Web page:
We’ve been researching Havana to create this extensive guide. It includes our personal reviews on the best places to eat, things to do and best sightseeing in Havana, Cuba.
Havana is the capital of Cuba with 3 main areas, Old Havana, Central Havana and Vedado. The big concrete sea wall running along the northern edge of the city is called the Malecon.
We’d suggest a holiday of around 3 to 5 days in Havana to really get a feel for the place and see all the sights. There are lots of things to see and do for free or very cheap in Havana.
This is the most popular tourist destination with stunningly renovated buildings dating back 100’s of years and cute cobble stone streets. It’s clean, really safe, police patrol everywhere, with a number of roads closed to traffic. There’s plenty of sightseeing, just walk around all day you’ll see heaps really interesting things.
The most popular street in Old Havana would have to be Obispo Street, it’s lined with upmarket shops, restaurants, bars. Walk down here anytime of the day and late into the night, it’s very safe and no cars. We did a bit of salsa dancing with a friendly local while listening to one of the many bands located along this street one night it was great fun.
The beautiful Plaza Vieja square is located in Old Havana and is well worth a visit.
It can be a lot more expensive than other areas to stay in Old Havana. We recommend you stay in Central Havana close to the Parque Central, this way it’s very handy for walking around everywhere and much cheaper.
There are loads of great Casa's you can rent, these are usually much nicer than the hotels and way more personal. Get to see and talk to the real Cuban people this way.
We stayed in Central Havana and found it was the easiest place to get to everything.
Made up of tight noisy streets, usually pretty shabby, it’s an authentic Cuban experience to walk around this area. Again it’s safe although not as many police around the place. Most of the people are Cuban with very little tourists about. You’ll share the streets with lots of locals, kids playing with their marbles, bike taxis, slow cars and trucks, a few motorbikes, dogs, cats and a far bit of rubbish.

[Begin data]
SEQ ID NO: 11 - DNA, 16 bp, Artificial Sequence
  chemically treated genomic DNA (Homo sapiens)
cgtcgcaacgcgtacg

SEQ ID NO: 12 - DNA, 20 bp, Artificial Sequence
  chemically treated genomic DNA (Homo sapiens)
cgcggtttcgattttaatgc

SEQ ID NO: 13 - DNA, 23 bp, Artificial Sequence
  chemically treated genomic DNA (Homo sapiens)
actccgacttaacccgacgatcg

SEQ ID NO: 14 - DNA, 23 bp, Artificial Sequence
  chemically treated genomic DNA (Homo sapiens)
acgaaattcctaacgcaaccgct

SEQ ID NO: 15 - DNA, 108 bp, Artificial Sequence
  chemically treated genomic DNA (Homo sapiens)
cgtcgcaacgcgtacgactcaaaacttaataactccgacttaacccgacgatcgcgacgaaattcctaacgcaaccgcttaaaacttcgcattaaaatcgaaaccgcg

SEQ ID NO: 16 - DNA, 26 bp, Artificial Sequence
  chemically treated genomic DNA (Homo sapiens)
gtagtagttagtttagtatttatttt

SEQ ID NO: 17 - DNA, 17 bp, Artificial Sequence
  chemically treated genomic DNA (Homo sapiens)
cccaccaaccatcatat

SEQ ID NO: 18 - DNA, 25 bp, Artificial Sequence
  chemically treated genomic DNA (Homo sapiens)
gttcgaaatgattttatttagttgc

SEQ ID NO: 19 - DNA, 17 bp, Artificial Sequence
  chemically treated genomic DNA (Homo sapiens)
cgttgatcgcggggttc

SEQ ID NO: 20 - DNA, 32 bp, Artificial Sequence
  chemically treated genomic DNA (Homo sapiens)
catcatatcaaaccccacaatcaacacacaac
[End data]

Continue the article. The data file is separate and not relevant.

House parties and music spill out onto the streets at night, it can get quite loud. Glancing down a typical road in Central Havana you’d think it was mostly made up of houses, but you’d be amazed at the number of small local businesses operating hidden within the buildings.
The largest area mostly suburban and more pleasant, richer as well. Not so many tourists hang out here either. Calle 23 is a big busy road with the huge dated Habana Libre hotel dominating the skyline. We took a walk down to the Hotel Nationale but weren’t impressed enough to write about it, the views were pretty nice though.
We found Vedado was too far away from the centre of Havana. You have to catch a taxi everywhere which can be expensive.
Like everywhere in Cuba you need a card to connect to the Wifi, at least in Havana there are plenty of places to connect including a quite a lot of restaurants. Most hotels will have their own Wifi, however some operate with their own login which means you can’t use a card unless you’re a guest. Basically when you see a whole bunch of people with their heads in their mobile phone you know there is a Wifi hotspot around, this is easy to spot. If you’re staying in Old or central Havana you won’t have a problem finding the Wifi, outside these areas ask your casa owner, they will know what’s the closest.
TIP: My favourite hangout for Wifi is at the Hotel Parque Central upstairs in the lounge area, they don’t bother you here, I’ve spent many hours in a nice comfy chair in the air con doing my work. They don’t like it so much if you sit downstairs at one of the tables, unless you plan on having something to eat or drink.
We were in Havana on and off in Aug, Sept, Oct, Nov & Dec 2017 and the weather was great, even though we experienced hurricane Irma first hand in Havana the city was back up and running in just 2 days, it was amazing. There is far less rain in Havana even in rainy season. Jan, Feb & March are a bit cooler which makes for walking the streets a lot more pleasant. However Dec & Jan plus July are busy months, and I mean busy, try not to come at this time of the year the place is packed and more expensive.
It seems that just about every house in Havana has a “Casa” sign on it, meaning they have a room for rent. In the low season I’m sure you can just rock up on the day and get a room no problem at all. But I wouldn’t chance this in high season as the place is packed.
Airbnb has a number of casa’s in Havana but it’s still missing loads of them. There are more on Homestay.
There are plenty of good hotels in Havana. Some are government run and others are private, all are self star rated. To get the true rating always knock off at least one of the stars.